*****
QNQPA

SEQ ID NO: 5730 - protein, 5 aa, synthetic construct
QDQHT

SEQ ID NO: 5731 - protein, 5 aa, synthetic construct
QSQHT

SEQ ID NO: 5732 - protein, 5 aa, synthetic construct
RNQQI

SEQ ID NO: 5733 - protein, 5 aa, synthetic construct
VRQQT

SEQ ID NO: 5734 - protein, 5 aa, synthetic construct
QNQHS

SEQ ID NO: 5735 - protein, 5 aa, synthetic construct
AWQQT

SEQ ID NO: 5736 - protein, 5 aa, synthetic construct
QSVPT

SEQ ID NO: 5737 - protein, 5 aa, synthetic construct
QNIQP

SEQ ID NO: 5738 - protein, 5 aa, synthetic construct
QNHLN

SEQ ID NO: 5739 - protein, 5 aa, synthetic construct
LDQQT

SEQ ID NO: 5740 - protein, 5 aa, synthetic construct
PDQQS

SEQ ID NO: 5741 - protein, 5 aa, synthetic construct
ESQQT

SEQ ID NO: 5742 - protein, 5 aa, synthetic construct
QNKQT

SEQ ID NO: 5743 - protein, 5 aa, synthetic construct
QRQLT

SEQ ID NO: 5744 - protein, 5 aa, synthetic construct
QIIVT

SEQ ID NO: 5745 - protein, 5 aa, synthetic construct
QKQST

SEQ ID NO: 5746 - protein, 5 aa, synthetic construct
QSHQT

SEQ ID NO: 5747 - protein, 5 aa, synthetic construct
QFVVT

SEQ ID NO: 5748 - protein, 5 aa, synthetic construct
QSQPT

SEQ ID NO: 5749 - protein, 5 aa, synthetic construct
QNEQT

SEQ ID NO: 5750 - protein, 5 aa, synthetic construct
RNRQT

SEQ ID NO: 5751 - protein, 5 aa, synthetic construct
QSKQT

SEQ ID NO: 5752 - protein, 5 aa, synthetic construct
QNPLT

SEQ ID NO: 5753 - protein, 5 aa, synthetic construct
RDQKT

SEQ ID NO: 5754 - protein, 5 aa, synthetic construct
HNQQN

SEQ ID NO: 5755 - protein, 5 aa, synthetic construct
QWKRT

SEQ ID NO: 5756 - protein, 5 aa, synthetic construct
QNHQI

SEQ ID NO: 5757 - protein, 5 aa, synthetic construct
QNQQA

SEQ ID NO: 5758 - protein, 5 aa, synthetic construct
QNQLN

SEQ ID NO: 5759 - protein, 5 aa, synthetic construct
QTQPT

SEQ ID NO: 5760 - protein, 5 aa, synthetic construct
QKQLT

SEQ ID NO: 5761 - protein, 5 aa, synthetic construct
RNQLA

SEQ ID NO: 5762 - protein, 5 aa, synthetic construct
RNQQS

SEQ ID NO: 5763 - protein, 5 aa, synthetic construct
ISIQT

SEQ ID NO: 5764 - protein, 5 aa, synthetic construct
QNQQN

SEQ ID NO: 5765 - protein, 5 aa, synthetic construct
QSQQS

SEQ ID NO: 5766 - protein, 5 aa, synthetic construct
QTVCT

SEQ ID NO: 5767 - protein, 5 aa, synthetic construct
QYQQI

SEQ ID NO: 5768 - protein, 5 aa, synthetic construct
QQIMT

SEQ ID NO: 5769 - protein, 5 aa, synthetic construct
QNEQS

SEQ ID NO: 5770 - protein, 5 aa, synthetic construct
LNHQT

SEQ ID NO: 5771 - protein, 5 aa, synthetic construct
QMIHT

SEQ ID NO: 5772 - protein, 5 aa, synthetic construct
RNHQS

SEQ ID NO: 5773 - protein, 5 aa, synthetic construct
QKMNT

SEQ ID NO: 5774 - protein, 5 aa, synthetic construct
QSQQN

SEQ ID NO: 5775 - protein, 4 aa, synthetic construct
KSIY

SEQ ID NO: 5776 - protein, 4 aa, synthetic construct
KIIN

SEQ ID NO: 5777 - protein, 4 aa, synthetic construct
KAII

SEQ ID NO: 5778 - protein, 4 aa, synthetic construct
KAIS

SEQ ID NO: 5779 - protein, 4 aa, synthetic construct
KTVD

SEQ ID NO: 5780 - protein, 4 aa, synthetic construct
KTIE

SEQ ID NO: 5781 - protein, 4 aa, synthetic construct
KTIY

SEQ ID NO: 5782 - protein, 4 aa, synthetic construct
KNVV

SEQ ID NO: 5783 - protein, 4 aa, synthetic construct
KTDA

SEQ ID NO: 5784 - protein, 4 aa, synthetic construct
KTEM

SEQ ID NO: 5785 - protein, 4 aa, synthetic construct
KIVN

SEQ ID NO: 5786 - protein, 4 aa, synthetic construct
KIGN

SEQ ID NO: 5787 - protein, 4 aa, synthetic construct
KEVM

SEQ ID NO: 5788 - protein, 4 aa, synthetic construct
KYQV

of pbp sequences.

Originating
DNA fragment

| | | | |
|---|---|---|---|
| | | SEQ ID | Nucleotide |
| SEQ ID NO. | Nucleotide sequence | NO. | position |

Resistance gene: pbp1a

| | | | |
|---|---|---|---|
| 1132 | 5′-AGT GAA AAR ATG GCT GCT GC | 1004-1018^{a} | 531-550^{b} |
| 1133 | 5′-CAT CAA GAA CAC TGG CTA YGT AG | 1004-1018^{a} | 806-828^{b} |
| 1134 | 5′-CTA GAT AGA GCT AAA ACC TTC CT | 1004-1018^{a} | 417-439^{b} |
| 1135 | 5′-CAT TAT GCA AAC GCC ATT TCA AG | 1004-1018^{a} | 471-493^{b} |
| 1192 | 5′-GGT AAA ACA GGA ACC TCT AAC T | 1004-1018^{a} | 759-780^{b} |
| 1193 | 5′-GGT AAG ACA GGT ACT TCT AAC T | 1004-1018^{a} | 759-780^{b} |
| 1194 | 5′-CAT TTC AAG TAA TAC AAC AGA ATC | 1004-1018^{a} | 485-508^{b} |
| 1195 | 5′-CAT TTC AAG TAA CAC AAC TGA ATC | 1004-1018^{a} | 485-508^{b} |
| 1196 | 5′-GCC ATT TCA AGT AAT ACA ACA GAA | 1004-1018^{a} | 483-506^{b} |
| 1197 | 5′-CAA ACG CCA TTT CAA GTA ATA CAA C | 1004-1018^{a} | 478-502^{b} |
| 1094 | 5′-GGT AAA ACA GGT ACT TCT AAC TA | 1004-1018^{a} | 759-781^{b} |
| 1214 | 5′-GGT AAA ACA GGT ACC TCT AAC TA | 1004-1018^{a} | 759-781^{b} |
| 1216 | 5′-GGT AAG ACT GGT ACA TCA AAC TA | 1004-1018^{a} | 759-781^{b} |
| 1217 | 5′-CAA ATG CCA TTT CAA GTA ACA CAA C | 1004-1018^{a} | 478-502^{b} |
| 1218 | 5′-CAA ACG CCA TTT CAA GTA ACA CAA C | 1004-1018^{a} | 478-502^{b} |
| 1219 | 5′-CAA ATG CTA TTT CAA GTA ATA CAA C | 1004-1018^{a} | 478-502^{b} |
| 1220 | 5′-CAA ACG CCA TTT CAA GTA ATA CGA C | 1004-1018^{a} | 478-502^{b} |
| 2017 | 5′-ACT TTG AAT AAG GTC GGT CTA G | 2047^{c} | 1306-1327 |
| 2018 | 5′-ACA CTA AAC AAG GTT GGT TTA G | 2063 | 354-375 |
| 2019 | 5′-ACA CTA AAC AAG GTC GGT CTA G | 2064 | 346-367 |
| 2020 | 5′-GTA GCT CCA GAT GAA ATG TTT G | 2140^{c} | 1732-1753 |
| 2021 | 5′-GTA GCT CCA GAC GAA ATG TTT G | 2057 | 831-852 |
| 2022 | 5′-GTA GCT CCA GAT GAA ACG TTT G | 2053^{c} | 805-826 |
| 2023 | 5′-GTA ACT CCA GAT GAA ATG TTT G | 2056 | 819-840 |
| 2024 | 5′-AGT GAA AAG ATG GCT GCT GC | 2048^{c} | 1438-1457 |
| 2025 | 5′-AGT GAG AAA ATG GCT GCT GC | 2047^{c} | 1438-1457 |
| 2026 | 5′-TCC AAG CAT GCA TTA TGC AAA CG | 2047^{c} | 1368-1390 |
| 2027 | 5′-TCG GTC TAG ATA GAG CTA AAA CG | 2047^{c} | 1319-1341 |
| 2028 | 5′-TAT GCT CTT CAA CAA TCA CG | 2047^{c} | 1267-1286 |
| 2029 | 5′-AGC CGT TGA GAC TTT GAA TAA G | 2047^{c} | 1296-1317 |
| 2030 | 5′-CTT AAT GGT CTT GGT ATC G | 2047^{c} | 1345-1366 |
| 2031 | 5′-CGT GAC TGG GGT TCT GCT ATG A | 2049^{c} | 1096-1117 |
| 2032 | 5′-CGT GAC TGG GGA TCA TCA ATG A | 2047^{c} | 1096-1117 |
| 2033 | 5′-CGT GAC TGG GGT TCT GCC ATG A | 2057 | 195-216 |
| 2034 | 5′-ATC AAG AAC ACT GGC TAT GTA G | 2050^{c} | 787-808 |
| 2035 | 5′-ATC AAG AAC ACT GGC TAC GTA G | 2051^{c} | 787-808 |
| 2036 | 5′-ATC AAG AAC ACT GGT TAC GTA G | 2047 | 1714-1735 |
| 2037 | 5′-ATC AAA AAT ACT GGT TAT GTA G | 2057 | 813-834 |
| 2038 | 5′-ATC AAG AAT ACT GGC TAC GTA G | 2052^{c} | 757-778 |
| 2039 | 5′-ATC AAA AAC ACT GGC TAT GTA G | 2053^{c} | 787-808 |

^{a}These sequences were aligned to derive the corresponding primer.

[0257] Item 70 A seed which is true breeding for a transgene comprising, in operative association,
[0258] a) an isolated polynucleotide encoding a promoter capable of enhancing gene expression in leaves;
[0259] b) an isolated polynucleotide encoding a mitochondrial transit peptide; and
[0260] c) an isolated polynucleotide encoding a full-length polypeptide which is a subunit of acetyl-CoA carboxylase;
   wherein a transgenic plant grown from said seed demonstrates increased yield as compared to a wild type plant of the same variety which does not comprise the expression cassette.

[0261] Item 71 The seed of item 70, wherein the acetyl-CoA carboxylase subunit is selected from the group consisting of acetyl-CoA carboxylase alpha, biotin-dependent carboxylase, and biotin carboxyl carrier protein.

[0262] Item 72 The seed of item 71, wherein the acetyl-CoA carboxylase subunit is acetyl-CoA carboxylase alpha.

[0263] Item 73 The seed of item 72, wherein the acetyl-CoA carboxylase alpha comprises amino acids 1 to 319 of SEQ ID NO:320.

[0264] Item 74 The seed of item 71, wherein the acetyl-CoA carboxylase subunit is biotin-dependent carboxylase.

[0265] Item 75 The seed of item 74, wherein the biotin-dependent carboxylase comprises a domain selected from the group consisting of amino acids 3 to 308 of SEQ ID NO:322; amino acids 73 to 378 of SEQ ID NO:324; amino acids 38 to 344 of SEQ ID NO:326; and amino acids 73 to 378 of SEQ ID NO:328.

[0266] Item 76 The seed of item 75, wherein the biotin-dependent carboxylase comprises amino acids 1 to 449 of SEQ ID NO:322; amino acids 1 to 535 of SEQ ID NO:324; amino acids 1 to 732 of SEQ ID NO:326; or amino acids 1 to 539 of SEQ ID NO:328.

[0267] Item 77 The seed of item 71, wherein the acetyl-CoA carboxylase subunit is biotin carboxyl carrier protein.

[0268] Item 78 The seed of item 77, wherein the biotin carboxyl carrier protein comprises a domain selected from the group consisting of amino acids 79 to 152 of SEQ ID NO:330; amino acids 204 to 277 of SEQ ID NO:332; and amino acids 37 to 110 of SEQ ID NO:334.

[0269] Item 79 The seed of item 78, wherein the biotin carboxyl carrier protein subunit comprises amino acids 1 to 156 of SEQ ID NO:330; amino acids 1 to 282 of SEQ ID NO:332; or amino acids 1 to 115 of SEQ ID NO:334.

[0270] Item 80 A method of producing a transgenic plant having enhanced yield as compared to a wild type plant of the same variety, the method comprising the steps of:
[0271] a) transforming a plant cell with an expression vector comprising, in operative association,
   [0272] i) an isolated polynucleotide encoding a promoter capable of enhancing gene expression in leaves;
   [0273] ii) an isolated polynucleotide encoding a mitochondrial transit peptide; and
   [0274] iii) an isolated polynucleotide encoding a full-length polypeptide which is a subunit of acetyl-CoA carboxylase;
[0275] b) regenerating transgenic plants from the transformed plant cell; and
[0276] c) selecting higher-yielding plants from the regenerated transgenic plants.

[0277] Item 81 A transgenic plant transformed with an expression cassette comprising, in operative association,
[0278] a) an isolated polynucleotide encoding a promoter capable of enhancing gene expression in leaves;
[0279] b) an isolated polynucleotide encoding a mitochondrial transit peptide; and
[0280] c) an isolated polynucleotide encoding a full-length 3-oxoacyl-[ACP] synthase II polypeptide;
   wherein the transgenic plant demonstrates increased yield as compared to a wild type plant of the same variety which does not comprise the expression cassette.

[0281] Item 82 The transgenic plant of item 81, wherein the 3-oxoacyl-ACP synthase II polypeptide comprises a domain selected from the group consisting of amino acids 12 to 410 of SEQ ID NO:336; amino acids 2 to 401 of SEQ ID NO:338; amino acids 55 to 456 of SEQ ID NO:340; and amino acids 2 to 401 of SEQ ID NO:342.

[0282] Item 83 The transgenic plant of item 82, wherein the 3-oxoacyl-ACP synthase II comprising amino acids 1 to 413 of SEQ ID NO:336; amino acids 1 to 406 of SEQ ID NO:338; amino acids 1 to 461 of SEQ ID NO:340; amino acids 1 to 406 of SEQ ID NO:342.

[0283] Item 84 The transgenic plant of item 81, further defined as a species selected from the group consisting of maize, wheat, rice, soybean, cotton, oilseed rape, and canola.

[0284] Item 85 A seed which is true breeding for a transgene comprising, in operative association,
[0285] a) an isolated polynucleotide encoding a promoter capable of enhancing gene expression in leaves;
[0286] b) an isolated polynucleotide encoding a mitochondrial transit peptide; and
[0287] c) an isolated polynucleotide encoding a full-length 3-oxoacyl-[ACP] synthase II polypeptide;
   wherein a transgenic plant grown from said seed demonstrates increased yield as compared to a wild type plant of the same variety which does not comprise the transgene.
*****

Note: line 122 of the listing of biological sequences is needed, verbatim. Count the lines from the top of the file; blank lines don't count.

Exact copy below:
DNA fragment